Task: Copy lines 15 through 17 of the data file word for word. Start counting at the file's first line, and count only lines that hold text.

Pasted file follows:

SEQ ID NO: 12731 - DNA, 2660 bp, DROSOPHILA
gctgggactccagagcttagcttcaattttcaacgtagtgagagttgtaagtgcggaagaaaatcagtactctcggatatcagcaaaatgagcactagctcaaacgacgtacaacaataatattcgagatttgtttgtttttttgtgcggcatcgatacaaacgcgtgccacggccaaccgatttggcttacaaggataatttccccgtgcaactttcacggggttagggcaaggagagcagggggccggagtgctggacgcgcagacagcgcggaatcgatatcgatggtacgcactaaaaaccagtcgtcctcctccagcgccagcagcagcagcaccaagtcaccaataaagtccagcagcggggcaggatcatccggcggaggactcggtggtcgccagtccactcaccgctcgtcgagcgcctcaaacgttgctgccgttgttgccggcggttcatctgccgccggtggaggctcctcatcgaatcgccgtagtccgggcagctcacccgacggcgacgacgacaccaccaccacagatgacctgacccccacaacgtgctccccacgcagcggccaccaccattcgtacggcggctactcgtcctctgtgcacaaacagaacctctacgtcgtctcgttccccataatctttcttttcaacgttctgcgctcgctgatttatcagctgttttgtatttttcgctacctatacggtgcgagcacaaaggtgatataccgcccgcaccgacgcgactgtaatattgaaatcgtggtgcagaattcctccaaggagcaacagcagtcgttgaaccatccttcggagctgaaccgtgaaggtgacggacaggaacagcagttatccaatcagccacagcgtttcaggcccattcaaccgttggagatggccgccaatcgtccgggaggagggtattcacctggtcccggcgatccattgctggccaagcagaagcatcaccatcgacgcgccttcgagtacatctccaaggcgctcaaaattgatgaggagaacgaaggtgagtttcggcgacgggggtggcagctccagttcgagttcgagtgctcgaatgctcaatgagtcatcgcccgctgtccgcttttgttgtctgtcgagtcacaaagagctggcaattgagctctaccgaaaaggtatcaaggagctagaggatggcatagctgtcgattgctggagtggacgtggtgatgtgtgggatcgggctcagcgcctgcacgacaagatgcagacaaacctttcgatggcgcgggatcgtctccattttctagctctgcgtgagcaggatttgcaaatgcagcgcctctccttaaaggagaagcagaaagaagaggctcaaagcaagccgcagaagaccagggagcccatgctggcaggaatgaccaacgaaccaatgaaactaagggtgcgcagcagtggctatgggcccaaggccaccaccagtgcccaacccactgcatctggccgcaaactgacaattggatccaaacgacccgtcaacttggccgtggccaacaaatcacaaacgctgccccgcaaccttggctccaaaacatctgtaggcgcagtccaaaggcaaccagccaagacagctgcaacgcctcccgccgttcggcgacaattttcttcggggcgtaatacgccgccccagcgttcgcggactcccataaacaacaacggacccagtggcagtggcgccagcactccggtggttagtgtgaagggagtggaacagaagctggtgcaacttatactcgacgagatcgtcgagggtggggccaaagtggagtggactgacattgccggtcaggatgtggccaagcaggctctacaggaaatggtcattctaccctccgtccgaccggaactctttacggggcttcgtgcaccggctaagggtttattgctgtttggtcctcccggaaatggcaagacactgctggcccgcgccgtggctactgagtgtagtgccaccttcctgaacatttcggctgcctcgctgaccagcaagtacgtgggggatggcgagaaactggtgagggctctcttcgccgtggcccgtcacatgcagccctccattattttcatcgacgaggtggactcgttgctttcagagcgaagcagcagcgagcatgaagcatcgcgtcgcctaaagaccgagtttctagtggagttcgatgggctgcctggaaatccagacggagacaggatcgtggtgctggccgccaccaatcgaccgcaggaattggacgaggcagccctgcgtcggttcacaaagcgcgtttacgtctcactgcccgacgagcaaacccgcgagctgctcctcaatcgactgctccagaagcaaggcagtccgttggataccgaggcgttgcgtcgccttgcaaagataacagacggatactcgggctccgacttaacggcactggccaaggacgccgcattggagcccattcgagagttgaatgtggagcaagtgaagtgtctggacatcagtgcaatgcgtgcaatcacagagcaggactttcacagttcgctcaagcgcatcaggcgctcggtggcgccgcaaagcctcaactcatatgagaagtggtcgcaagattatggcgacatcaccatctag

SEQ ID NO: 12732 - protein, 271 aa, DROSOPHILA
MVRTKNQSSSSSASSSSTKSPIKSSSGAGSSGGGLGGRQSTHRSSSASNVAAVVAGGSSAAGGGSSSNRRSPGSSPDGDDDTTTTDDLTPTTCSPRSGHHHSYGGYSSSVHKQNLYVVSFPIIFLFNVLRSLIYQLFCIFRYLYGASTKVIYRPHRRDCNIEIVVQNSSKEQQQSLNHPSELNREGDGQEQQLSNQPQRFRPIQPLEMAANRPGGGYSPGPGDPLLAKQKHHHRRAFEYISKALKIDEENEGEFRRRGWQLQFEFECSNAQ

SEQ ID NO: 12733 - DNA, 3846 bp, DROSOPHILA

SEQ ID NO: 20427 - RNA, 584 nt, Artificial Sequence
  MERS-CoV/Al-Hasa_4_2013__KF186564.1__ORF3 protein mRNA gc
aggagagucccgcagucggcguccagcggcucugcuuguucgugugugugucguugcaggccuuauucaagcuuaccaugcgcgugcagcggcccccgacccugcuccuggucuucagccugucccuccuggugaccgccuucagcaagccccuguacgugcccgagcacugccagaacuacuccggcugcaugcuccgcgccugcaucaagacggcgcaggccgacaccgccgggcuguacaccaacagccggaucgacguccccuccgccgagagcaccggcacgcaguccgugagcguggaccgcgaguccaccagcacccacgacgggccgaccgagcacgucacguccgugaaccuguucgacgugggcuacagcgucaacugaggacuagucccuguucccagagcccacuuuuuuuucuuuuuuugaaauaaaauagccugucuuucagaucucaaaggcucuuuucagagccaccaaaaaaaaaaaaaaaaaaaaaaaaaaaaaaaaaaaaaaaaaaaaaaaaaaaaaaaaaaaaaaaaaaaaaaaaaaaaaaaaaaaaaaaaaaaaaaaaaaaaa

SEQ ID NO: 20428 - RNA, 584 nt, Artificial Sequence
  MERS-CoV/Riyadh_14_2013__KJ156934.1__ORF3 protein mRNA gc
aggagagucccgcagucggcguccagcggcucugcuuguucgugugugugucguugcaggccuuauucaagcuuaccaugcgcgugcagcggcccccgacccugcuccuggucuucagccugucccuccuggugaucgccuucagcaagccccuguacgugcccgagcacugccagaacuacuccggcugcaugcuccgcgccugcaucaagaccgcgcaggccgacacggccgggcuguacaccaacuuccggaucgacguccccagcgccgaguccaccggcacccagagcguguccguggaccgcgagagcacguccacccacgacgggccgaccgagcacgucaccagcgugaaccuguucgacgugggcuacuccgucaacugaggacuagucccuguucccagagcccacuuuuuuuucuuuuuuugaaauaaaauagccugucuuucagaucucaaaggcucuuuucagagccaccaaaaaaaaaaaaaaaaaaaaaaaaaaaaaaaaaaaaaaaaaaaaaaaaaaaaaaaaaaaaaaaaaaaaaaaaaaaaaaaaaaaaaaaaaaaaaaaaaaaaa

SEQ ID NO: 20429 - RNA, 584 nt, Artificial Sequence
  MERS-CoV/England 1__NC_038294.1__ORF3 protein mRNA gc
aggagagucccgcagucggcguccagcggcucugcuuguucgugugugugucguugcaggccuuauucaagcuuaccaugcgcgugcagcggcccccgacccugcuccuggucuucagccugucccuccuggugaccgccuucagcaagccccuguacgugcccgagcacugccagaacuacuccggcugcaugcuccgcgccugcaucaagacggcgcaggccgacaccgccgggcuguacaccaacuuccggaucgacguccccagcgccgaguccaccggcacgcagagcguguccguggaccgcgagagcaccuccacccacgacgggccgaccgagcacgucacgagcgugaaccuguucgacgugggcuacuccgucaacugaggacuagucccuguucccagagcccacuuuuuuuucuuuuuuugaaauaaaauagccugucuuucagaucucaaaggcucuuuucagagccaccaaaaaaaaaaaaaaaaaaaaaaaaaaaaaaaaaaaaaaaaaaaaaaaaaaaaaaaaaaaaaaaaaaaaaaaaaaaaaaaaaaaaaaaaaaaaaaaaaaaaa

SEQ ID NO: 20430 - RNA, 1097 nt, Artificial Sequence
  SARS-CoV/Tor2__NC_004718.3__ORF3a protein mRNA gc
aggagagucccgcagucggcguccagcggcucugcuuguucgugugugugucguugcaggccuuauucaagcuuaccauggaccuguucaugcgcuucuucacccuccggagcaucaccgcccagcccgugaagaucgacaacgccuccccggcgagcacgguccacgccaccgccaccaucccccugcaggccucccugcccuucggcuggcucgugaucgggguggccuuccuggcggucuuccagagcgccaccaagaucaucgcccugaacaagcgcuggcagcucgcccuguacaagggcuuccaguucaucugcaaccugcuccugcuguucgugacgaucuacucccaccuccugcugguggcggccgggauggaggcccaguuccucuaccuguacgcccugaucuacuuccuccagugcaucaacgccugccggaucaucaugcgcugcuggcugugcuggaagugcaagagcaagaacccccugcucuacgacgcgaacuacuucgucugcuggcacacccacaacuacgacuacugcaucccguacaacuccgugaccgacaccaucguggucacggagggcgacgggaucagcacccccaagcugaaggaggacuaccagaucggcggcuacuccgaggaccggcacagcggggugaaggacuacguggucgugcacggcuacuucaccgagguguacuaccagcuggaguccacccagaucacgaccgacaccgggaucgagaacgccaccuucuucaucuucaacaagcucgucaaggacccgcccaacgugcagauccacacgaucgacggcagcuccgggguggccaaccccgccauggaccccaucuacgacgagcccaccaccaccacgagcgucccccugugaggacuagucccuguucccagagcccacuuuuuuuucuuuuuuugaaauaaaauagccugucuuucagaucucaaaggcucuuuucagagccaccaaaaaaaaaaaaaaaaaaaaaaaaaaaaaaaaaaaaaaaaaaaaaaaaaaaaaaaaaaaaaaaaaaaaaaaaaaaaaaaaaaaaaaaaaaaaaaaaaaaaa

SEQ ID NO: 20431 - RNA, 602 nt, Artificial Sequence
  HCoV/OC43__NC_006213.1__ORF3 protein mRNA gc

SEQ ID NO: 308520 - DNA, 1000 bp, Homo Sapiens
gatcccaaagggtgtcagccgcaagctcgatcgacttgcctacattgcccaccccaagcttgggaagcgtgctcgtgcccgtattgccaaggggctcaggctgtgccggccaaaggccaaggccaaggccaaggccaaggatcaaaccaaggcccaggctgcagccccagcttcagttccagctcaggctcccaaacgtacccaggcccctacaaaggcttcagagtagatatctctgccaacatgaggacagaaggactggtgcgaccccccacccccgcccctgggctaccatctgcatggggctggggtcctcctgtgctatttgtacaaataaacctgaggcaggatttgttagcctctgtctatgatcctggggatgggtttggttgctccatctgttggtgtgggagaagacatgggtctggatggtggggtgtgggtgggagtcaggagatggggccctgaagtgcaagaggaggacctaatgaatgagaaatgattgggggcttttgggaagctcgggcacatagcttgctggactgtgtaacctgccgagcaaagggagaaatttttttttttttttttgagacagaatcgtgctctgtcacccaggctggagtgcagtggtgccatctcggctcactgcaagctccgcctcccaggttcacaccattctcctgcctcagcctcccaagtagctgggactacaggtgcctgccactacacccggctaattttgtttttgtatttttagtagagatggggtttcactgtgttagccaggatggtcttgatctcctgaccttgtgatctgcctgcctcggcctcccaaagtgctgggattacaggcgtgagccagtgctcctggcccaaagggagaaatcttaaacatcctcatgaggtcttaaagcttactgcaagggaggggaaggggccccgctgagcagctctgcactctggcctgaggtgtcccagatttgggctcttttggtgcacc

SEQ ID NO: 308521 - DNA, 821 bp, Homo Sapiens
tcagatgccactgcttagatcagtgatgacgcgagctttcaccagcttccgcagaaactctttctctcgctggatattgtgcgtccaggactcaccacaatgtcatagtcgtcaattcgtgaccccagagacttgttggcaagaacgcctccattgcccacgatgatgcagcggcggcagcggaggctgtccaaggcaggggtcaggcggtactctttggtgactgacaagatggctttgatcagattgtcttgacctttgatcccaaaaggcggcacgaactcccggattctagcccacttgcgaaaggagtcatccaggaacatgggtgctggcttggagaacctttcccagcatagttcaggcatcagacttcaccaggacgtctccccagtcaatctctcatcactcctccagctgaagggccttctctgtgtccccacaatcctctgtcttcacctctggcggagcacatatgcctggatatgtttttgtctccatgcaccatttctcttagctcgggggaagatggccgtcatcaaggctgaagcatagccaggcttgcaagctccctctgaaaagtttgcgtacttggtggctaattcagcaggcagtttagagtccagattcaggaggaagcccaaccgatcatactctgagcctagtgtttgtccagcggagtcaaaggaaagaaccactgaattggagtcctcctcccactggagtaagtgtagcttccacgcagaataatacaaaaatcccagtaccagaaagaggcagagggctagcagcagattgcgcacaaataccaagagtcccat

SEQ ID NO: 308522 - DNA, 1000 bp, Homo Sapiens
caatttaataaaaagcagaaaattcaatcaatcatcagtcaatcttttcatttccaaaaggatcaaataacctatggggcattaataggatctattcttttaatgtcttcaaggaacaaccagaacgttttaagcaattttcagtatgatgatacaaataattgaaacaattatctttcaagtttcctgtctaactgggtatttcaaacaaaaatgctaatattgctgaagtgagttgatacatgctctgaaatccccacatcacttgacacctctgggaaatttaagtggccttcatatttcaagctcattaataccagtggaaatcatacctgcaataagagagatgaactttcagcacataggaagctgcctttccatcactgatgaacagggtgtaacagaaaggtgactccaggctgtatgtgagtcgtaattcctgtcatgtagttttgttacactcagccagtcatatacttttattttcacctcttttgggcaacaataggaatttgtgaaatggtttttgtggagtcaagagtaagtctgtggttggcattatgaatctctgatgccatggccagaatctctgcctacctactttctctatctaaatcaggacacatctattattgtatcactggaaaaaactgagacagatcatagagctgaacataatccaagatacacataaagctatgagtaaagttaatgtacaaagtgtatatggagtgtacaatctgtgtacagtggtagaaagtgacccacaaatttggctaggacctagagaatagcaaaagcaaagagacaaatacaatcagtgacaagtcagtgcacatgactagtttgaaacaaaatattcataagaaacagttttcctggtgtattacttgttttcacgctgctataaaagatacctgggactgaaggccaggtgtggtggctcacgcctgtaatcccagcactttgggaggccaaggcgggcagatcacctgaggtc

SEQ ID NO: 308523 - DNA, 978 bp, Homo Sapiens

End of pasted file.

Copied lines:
SEQ ID NO: 20430 - RNA, 1097 nt, Artificial Sequence
  SARS-CoV/Tor2__NC_004718.3__ORF3a protein mRNA gc
aggagagucccgcagucggcguccagcggcucugcuuguucgugugugugucguugcaggccuuauucaagcuuaccauggaccuguucaugcgcuucuucacccuccggagcaucaccgcccagcccgugaagaucgacaacgccuccccggcgagcacgguccacgccaccgccaccaucccccugcaggccucccugcccuucggcuggcucgugaucgggguggccuuccuggcggucuuccagagcgccaccaagaucaucgcccugaacaagcgcuggcagcucgcccuguacaagggcuuccaguucaucugcaaccugcuccugcuguucgugacgaucuacucccaccuccugcugguggcggccgggauggaggcccaguuccucuaccuguacgcccugaucuacuuccuccagugcaucaacgccugccggaucaucaugcgcugcuggcugugcuggaagugcaagagcaagaacccccugcucuacgacgcgaacuacuucgucugcuggcacacccacaacuacgacuacugcaucccguacaacuccgugaccgacaccaucguggucacggagggcgacgggaucagcacccccaagcugaaggaggacuaccagaucggcggcuacuccgaggaccggcacagcggggugaaggacuacguggucgugcacggcuacuucaccgagguguacuaccagcuggaguccacccagaucacgaccgacaccgggaucgagaacgccaccuucuucaucuucaacaagcucgucaaggacccgcccaacgugcagauccacacgaucgacggcagcuccgggguggccaaccccgccauggaccccaucuacgacgagcccaccaccaccacgagcgucccccugugaggacuagucccuguucccagagcccacuuuuuuuucuuuuuuugaaauaaaauagccugucuuucagaucucaaaggcucuuuucagagccaccaaaaaaaaaaaaaaaaaaaaaaaaaaaaaaaaaaaaaaaaaaaaaaaaaaaaaaaaaaaaaaaaaaaaaaaaaaaaaaaaaaaaaaaaaaaaaaaaaaaaa